Why Is PIP Required?
In 2012, the State of Florida passed HR 119, requiring all auto owners to carry PIP insurance in hopes of reducing an estimated one billion dollars in insurance fraud. The intent was to reduce the cost of fraud to insurance companies in the hopes they would pass the savings onto customers. The law requires all Florida drivers to carry up a minimum of $10,000 in PIP coverage. PIP coverages makes individuals responsible for the cost of their injuries regardless of fault, rather than establishing fault in the courts. The law was also supposed to reduce the payment delay for injured drivers and reduce long term medical costs by ensuring immediate care.
Opposition To PIP Requirements
Many drivers and legislators are unhappy with the PIP requirements. The biggest issue with PIP requirements is that drivers have not seen a reduction in premium. In fact, drivers have seen rate hikes of an average 40% just in the last year. There also has not been a reduction in either legitimate PIP lawsuits or fraudulent PIP claims. Many drivers also feel the coverage is an unnecessary cost when they are already paying for healthcare through Medicaid, privately, or through employer-sponsored coverage. Drivers feel that doubling this coverage is a waste of their money. Both State Representative Bill Hager and Senator Jeff Brandes have sponsored legislation to repeal PIP requirements
Proponents Of PIP Requirements
Proponents of required PIP including Governor Rick Scott, believe that issues aside, PIP helps protect drivers because it ensures that everyone has medical coverage. It is especially helpful because Florida has high rates of underinsured and uninsured motorists and PIP helps protect drivers when they’ve been in an accident with people with inadequate coverage. Finally proponents believe that it protects at-fault drivers from unfairly punitive litigation and court rulings, specifically in the cases where the at fault driver does not have the means to afford legal protection.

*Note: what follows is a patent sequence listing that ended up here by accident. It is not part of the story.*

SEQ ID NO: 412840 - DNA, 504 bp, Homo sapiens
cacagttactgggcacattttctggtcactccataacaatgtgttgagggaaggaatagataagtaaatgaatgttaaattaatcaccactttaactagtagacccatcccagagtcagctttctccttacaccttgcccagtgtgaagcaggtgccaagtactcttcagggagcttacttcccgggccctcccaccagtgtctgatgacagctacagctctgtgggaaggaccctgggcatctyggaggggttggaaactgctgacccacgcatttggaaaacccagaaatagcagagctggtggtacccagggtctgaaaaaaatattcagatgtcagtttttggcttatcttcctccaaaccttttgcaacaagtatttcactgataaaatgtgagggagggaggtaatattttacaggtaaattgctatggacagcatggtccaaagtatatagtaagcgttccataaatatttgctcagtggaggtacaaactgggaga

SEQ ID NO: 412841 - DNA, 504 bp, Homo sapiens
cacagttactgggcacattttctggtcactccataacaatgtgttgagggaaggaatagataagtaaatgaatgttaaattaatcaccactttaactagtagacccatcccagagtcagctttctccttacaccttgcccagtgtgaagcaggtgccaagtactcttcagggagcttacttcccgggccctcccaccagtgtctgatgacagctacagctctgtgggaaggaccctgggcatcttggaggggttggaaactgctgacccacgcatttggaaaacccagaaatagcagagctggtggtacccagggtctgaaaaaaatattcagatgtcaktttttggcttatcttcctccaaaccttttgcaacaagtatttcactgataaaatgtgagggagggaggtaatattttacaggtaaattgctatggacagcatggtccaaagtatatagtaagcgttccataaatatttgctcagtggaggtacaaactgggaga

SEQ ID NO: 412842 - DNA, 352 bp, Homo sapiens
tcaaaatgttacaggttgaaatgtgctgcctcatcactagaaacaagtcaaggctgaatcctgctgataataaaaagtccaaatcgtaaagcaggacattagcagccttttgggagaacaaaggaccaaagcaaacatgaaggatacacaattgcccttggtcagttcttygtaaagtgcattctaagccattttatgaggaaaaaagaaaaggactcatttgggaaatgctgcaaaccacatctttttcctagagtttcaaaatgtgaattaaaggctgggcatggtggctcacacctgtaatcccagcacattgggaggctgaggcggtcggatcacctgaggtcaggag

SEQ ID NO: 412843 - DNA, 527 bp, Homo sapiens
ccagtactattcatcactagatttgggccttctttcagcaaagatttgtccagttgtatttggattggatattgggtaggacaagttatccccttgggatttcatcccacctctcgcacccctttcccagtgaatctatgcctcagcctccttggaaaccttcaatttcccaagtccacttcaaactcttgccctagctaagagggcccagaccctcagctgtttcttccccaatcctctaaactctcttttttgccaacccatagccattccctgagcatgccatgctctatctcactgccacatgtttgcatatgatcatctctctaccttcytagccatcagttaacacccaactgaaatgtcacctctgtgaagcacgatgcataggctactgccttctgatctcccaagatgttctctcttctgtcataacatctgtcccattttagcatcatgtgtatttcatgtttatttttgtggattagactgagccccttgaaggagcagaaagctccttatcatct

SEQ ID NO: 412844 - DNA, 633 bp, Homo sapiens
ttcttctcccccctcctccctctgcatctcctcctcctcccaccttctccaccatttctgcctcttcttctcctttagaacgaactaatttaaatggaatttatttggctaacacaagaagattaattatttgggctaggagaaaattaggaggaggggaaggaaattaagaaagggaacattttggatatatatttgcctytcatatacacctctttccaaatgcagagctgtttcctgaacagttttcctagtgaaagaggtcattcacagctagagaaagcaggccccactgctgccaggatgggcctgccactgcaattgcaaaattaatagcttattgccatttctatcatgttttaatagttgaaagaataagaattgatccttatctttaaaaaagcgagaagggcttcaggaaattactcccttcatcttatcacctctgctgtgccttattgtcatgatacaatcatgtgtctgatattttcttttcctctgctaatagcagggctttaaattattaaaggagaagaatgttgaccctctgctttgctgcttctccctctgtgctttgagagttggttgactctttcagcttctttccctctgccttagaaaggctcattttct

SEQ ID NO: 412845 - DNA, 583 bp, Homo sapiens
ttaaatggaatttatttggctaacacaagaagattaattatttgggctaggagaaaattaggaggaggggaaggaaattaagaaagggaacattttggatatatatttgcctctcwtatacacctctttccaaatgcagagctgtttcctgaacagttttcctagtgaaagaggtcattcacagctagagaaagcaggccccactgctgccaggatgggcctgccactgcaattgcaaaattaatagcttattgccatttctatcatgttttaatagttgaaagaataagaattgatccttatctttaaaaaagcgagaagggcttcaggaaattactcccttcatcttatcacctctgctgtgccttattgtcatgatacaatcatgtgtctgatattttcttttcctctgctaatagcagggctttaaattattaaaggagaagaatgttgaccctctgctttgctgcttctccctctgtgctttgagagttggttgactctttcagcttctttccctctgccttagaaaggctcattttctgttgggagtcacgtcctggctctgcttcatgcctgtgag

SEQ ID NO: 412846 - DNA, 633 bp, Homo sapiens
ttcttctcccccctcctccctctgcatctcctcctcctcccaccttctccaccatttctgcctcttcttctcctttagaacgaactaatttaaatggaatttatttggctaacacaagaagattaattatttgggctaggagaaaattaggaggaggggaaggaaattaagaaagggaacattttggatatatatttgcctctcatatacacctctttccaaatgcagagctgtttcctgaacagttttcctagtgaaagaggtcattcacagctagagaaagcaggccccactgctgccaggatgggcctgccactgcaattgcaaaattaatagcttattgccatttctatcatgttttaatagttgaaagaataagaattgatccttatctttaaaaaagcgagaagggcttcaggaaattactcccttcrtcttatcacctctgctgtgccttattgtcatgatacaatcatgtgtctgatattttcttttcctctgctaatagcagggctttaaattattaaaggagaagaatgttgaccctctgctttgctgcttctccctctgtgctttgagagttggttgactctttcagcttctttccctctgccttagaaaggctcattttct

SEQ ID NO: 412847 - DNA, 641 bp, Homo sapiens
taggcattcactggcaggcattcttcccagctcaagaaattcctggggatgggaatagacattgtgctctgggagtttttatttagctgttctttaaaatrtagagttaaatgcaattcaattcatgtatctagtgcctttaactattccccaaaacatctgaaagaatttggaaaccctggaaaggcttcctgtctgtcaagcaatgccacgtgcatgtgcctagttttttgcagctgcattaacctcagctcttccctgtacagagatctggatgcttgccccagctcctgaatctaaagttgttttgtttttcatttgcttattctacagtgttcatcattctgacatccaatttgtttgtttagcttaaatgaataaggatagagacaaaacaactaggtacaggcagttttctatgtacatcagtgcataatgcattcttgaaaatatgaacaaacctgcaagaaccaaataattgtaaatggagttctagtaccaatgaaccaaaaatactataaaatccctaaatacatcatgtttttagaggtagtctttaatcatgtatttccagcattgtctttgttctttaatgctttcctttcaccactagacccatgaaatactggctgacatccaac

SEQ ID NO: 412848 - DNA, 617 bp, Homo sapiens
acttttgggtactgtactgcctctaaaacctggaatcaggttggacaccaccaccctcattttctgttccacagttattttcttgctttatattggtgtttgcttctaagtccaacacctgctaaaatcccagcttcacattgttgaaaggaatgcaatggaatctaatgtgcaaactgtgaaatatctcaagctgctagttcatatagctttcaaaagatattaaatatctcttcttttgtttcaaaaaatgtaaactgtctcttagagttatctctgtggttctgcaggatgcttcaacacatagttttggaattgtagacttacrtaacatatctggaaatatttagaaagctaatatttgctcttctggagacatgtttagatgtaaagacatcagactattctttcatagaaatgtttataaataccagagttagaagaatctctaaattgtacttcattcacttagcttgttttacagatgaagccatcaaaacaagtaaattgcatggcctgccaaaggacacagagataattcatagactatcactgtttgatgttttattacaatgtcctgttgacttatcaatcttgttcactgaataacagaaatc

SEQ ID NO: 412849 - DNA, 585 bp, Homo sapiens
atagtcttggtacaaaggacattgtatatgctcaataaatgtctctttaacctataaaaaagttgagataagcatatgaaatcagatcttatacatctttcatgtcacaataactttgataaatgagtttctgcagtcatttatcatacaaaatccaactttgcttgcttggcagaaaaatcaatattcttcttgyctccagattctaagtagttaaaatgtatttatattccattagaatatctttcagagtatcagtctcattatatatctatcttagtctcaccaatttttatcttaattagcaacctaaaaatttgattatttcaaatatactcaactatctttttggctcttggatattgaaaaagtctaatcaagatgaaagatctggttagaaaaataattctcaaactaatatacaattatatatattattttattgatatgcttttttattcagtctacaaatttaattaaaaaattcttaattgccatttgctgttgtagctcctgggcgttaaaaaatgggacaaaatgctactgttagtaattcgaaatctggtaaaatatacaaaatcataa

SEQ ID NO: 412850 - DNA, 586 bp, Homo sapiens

Alternatives To PIP Requirements
If the study finds that requiring PIP in fact burdens consumers and does not protect against fraud, the state legislature will have to explore alternatives. The first would be a full repeal of HR 119, which means insured drivers would no longer be forced to carry this coverage. The second option would be to expand the mandatory minimums of bodily injury liability. This would reestablish a fault system but would ensure that drivers carry more coverage for medical bills. Finally, there is a possibility of reducing the required premium to $2,500 instead of $10,000 to help mitigate the rising cost. Regardless of the outcome of the study, legislators will be expected to do something about the rising cost of insurance and continue to find ways to deal with fraudulence that costs insurance companies and consumers money.
The investigation, conducted by an independent group of actuaries, is intended to discover whether PIP requirements have been helpful or a burden to consumers, whether reducing the cost will be more beneficial, and the relationship between PIP requirements and rising insurance costs. The findings of the report will be published publicly and help taxpayers and state legislators decide what steps are needed to improve Florida’s insurance system. So expect to see further discussion in the Fall and even some changes to your insurance bill.